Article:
You will usually get two keys supplied with your lock and can approach most manufacturers for replacements if needs be.

Customer Service

If you are spending significant money on your bike lock, you will want to know that you can approach the manufacturer for replacement parts if any parts of the lock fail.


When considering your budget, remember your lock should outlast your bike and that skimping on the quality of your lock could cost you dearly in future bike replacements or insurance schemes.

The Other Bike Locks We Looked At

The OnGuard Pitbull D lock series is Kryptonite’s biggest price competitor.

The most affordable Sold Secure Gold rated D locks, they are available in a range of sizes, but all offer the same features in terms of security.

At 1.87 kg, the ONGUARD Pitbull DT 8005 is heavy.

Mounts aren’t mentioned, so this lock is likely designed for fitting into backpacks or suspending from handlebars. Not ideal for quick trips without a bag or long commutes where extra weight is cumbersome.

There are various challenges the ONGUARD Pitbull DT 8005 presents to other brands:

  • The locks come with a rubber vinyl-coated 120 cm cable for securing front or quick-release wheels.

  • OnGuard supplies each lock with five keys, two more than the Kryptonite and ABUS equivalent models, and one has an inbuilt LED torch.

  • The 14 mm shackle is made from hardened steel and locks in four places with an X4P Quattro Bolt Locking Mechanism, meaning the lock is very resistant to twists and tugs.

  • The key cylinder is pick, pull, drill and weather resistant.

However, there are reports of these locks seizing up and rusting and a fair number of reports of theft. Having said that, OnGuard offers a lifetime warranty on locks, as well as an antitheft scheme.

OnGuard locks aren’t tested by ART so it’s hard to compare it fairly to other Sold Secure Gold-rated locks.

All in all, Onguard Pitbull locks are the lowest price Gold-rated D locks for high to medium crime areas and are a good short-term solution for low-to-mid value bicycles.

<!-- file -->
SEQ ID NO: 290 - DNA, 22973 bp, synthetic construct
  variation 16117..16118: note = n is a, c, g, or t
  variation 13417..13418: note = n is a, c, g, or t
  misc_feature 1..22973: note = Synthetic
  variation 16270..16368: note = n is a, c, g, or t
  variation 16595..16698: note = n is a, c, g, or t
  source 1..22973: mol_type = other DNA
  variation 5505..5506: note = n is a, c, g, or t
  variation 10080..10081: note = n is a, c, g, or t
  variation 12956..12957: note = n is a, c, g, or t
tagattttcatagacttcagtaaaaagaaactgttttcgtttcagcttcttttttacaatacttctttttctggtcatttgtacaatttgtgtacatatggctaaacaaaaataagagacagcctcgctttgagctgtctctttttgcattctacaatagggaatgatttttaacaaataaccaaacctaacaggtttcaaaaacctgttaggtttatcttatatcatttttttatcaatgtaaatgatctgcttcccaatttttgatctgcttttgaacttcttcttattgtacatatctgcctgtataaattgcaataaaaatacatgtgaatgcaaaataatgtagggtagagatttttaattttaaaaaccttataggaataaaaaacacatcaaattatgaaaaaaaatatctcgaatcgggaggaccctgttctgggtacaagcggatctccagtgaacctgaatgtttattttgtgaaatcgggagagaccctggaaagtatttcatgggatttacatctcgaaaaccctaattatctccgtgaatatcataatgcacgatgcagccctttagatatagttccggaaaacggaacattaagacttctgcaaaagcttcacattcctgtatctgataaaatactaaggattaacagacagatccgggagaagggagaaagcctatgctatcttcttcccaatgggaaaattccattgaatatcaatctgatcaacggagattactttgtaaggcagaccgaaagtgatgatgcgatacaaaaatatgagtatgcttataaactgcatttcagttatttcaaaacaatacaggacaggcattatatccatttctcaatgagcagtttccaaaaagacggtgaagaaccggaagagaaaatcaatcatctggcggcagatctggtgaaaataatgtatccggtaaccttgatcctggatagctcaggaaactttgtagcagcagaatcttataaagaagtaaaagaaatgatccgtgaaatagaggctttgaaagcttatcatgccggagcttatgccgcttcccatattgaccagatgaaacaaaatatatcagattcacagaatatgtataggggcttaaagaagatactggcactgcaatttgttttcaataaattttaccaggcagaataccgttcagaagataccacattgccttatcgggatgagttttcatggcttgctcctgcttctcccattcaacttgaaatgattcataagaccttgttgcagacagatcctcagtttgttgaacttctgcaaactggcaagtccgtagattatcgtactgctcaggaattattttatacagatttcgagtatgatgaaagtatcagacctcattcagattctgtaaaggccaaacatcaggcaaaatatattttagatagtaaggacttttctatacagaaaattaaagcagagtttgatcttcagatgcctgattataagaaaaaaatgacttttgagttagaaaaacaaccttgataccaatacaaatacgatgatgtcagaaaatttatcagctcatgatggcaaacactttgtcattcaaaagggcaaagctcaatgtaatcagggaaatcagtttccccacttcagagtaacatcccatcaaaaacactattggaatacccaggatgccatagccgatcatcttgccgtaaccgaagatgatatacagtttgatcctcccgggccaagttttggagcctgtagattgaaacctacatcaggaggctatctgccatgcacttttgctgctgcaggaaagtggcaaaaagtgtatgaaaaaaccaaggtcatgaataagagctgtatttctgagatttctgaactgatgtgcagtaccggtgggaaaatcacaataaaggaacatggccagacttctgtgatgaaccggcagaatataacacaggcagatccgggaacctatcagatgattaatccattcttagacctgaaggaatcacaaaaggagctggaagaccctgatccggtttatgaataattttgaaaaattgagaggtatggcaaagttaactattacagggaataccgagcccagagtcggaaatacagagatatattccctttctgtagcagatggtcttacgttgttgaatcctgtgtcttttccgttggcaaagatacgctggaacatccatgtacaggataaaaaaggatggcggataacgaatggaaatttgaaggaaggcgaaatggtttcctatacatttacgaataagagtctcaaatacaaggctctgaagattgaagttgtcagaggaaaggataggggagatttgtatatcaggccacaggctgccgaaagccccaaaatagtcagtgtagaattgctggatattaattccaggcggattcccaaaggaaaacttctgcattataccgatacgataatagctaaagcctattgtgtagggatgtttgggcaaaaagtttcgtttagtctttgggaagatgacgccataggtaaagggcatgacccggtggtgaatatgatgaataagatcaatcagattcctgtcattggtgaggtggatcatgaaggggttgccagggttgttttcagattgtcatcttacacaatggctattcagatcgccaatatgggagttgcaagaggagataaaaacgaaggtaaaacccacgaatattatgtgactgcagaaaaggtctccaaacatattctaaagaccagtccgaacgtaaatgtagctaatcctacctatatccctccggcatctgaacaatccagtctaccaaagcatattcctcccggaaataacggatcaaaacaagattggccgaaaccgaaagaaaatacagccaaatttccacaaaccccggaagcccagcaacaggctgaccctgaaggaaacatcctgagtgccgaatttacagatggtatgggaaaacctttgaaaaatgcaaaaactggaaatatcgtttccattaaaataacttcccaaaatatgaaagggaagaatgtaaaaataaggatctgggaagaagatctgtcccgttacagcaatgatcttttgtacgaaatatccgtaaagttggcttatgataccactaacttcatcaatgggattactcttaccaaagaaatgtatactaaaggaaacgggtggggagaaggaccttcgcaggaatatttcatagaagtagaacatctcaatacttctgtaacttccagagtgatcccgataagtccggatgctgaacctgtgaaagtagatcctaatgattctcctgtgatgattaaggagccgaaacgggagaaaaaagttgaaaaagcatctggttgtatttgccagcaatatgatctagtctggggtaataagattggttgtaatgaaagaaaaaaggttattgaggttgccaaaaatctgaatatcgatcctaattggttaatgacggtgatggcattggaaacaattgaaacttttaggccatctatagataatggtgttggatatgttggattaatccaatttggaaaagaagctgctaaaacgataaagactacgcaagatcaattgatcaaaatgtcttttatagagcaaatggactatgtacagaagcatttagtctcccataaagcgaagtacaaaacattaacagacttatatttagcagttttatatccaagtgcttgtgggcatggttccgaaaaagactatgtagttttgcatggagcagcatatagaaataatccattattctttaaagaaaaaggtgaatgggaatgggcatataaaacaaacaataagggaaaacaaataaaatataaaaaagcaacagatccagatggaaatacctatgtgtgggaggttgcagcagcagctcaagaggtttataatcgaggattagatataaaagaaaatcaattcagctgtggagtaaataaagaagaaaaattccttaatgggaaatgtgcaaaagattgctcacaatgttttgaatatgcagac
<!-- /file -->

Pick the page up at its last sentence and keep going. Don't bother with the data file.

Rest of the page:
At £53, the lock is only £17 cheaper than our top pick and, as we’ve already discussed, cheaper locks are a false economy. Consider the value, monetary and sentimental, of your bike before you go down the road of saving on a lock.

If you are a beginner cyclist with a low-investment second-hand bike you could easily replace, this is an ideal lock for you.

Almost identical to the Granit X-plus 540, ABUS 770A SmartX is ABUS’ first smart lock.

Unlockable by Bluetooth, once the user arrives within a certain distance, the lock unlocks automatically. You can define how far away you’re comfortable with being before your bike lock pops open.

It features the same cutter-deterring parabolic shaped cast-steel shaft as the X-plus 540 and, should you have already invested in this lock, your bike dealer can order the base unit as an add on.

Whilst the security rating (Sold Secure Gold and ART: 3 out of 5 stars) doesn’t improve on the original analogue model, the alarm function does add some peace of mind for the user.

On the detection of micromovements, the lock will issue five loud warning beeps and an alert to your phone; if the movement continues, it will omit a much longer and louder alarm.

This is useful if you’ve parked your bike nearby and can get back to it quickly. It also has a GPS function so you can get back to your bike if you’ve parked it in an unfamiliar area.

It can be used by multiple users allowing you to set up bike-sharing, although we struggled to think of many scenarios in which this would be useful for a personal cycle.

Starting at around £160 for the standard size lock, before adding in the additional costs for mounts and cables, this isn’t a cheap option for what is essentially a novelty upgrade on the Granit X-plus 540, and it’s still a cumbersome size and weight, at 2 kg, despite being shorter than its analogue big brother. You may want to consider if keys are inconvenient enough to warrant the upgrade?

However, the extra usability, GPS and alarm function goes some way to justifying the price hike.

By far the strongest portable D lock on the market, the Kryptonite New York FAHGETTABOUDIT Lock Mini is a portable theft deterrent that fits in your pocket.

It has the same Sold Secure Gold rating and 4 out of 5 stars from ART, the highest ART rating of any lock we looked at.

If anything, this might be security overkill for a bicycle, as Sold Secure has also given it a Gold rating for use with motorcycles.

The lock is small which means it’s easy to carry in a backpack or mount to your bike. This makes locking more difficult but also provides less space for a thief to interfere with a lever or bolt cutters.

Various third-party mounts are available, including ones which will mount it to your belt. It’s small enough, at 8.3 x 15.3 cm to make a neat back pocket accessory.

There are two reasons this lock didn’t make our top three, despite all the hype around it:

  • The price – For us, for a £50 upgrade, a lock would need to show a serious security upgrade on the New York Standard D lock, which it does only by a small margin.

  • The size – If using a lock every day to travel around town, this lock simply isn’t going to work on its own; you’d need a larger D lock to give yourself ample opportunity to find a parking space wherever you go.

It also weighs 2.06 kg, making it the heaviest D lock we looked at.

The Kryptonite Krpytolock Series 2 955 Mini is our pick of Kryptonite’s chain locks. It is high security and highly portable, although heavy at 1.7 kg.